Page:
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Class Notes: ECE

Degree Year
  • 2010

image of race car

Allison Smyth

Degree(s):

  • MEng

The Cornell M.Eng program was a great experience for me. I have always believed that it is important to balance both theory and practice when learning. The ECE M.Eng program was able to effectively provide this balance. In addition to a great learning environment, I also met great people who I continue to stay in touch with today.

Since graduating, I have worked on en route air traffic control systems at Raytheon Company and now drag racing timing systems at Portatree Timing Systems. In my free time, I work on other racing/car related projects including Smart Signals (wireless blinkers for antique cars) and the Moroso Electronic Switch Panel (power distribution and control system for race cars).

My family has been involved in drag racing since before I was born. I began racing at 14 years old and have not stopped since! My hobby has definitely affected the projects I have worked on and even influenced my M.Eng project. 

Hopefully the future will hold more fun projects and learning experiences. :)

Degree Year
  • 1962

photo of Randolph Scott Little

Randolph Scott Little

Degree(s):

  • BS

I took the “electronic” track in studying EE at Cornell.  Although semiconductors and computers were both fledgling developments at that time, those studies prepared me well for a career at Bell Laboratories. There I developed the first solid-state, stored-program-controlled system for automatic routing of long distance calls throughout the Bell System. A favorite class was that in digital logic design taught by Professor “HC” Torng.

A strong interest in birds, bird sounds, and recording bird sounds in particular, led me to take an elective course in acoustics. Although the course was listed in the catalog, it had not actually been taught recently. Professor Ingalls agreed to monitor the course for two students, with the two of us alternating as the instructor for successive chapters in the primary textbook. That experience not only enhanced my understanding of sound propagation, but also served well when I was tapped at Bell Labs to teach their in-house post-graduate course in the design of switching systems.

One of the most important lessons of the Cornell EE experience was learning how to learn, by which I mean realizing that while a grasp of fundamental principles and current practice may be sufficient to perform today’s tasks, self-driven continued education is a key to lifelong success.  Several times during my career at Bell Labs and AT&T Headquarters, significant technological advances and changing business parameters required learning new methods and procedures. Not the least of those was developing management and marketing skills to complement my engineering talents.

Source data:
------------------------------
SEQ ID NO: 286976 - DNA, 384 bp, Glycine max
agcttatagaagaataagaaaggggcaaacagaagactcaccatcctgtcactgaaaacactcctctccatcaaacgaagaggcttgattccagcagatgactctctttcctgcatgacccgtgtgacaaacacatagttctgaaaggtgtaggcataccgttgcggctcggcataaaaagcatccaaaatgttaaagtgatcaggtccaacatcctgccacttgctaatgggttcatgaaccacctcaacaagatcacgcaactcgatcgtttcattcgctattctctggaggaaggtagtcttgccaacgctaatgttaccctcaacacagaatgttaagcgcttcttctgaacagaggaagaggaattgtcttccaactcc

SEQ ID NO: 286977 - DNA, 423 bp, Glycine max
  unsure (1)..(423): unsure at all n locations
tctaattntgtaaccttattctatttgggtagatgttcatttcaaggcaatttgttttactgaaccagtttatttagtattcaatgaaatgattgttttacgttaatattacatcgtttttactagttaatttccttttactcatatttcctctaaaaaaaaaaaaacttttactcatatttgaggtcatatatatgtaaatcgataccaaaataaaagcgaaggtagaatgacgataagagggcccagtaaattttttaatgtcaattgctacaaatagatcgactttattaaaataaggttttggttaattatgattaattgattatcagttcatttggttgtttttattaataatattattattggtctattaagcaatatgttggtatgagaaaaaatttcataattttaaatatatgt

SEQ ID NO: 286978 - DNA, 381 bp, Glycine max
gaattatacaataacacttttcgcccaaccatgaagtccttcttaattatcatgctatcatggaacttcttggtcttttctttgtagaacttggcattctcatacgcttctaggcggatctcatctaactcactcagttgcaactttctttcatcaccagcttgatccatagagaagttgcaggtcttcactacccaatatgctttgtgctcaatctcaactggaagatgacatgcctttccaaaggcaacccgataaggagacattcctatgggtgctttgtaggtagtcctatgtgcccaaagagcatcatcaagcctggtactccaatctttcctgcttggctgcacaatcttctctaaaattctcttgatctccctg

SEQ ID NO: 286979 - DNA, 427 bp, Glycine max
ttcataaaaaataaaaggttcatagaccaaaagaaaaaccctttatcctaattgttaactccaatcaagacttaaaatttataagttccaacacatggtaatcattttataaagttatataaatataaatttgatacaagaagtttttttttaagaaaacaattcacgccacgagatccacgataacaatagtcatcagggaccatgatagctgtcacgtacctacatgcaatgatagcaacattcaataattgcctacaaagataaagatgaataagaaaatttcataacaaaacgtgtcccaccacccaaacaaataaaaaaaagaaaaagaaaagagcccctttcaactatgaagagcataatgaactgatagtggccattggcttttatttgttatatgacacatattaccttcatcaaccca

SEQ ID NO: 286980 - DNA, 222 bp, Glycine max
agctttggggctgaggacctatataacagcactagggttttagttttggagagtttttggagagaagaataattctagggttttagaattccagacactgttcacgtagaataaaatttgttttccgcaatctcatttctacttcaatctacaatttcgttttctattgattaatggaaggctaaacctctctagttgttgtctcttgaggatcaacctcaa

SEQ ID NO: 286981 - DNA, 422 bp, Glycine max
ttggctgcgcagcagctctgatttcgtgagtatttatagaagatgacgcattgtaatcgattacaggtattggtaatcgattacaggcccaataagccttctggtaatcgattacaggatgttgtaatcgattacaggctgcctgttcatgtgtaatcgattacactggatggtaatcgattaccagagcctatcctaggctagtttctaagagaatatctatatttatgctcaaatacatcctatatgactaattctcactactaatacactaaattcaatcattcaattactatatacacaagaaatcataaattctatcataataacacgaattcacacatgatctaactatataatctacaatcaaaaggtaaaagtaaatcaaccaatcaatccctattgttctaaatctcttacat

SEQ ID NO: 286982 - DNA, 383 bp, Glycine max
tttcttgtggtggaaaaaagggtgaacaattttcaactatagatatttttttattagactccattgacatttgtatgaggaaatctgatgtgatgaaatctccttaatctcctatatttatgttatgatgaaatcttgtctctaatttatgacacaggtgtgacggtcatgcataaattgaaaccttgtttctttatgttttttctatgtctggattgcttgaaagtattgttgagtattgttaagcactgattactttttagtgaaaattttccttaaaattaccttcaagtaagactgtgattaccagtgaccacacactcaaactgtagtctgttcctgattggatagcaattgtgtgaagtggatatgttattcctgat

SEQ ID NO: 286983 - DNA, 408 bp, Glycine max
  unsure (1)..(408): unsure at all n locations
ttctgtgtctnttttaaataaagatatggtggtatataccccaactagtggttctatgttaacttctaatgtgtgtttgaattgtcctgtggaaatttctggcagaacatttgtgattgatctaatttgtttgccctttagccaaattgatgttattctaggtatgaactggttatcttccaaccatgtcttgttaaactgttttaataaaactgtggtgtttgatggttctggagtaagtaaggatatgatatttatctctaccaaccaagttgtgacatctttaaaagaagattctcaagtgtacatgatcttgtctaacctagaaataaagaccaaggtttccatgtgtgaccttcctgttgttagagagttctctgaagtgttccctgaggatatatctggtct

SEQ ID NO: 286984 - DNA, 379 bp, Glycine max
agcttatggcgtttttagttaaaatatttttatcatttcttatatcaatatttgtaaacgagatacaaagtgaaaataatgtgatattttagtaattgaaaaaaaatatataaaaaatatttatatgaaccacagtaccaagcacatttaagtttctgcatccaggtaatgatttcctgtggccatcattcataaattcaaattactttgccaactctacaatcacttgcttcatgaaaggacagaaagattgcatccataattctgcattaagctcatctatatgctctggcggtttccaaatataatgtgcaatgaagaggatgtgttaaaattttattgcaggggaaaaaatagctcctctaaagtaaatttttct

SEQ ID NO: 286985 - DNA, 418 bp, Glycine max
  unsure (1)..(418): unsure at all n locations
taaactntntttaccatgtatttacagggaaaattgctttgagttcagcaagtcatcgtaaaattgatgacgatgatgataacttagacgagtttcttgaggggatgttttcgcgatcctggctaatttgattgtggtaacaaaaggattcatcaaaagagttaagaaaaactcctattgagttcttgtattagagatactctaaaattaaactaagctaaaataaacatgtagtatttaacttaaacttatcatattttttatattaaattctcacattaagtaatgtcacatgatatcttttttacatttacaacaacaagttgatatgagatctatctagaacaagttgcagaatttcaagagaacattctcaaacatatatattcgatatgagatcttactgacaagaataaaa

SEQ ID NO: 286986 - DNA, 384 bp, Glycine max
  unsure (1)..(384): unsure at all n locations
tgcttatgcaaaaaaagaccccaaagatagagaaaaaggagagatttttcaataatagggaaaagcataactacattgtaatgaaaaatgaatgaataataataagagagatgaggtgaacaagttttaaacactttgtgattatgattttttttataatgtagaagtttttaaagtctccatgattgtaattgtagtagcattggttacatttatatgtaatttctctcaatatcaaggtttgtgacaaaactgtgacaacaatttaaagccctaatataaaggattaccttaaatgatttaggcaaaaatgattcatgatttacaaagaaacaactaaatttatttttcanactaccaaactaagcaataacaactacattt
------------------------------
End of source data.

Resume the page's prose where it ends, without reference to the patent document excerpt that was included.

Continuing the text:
Today’s ECE students have excellent opportunities through such initiatives as team projects and undergraduate research to develop skills that will help them excel beyond the strict engineering "box," while still getting the very best education in engineering theory and practice. 

R. S. Little CU’62 (BEE’63)

Degree Year
  • 1985

Karl Towle

Degree(s):

  • MEng

I loved my time at Cornell and hated to leave, but my work there prepared me for a varied and fulfilling career. I spent several years designing telcom hardware and software at AT&T Bell Labs, then transitioned to networking hardware design, first at Larscom and then Cisco. I'm now a few years into rebooting my career as a web software engineer, first at McClatchy Interactive and now with Vital Source Technologies.

Degree Year
  • 1991

photo of Jesse Lackey

Jesse Lackey

Degree(s):

  • BS

I received my BSCS/BSEE double-major in 1991, and then spent most of the 1990s working on 3D rendering software/R&D. Don Greenberg's computer graphics class blew me away and I knew I wanted to work in computer graphics after graduation. I was very fortunate to work with some stellar people (other Cornellians!) doing just that for more than 5 years in Ithaca at 3D/Eye and later Autodesk. 

Around 2001 I decided to change careers and became a freelance electronics designer. I've done hundreds of designs in pro audio, zigbee smart energy, LED lighting, and control systems areas in volumes of a few to 10,000. Most of my clients are small startups and occasionally artists, but I have also custom-designed and installed 5,000-10,000 pixel LED systems in three nightclubs in the UK, Washington, D.C., and Prague. I also sell a specialized LED controller that was used by the Metropolitan Opera in NYC for their production of Rigoletto last year and just recently in the movie Ender's Game.

I moved from Ithaca to NYC in 2000, and from NYS to the Bay Area in 2006. I enjoy the more laid back pace (relative to NYC) and how technology and entrepreneurship thrive here, and expect to stay here for a long while.  :)

Degree Year
  • 1954

Vic Wintriss

Degree(s):

  • BS

I am presently the Executive Director of a non-profit school teaching kids Java starting in the 5th grade. Previously, I founded three electronics manufacturing companies in San Diego and served 20 years as a U.S. Navy patrol plane pilot, retiring at the rank of Commander.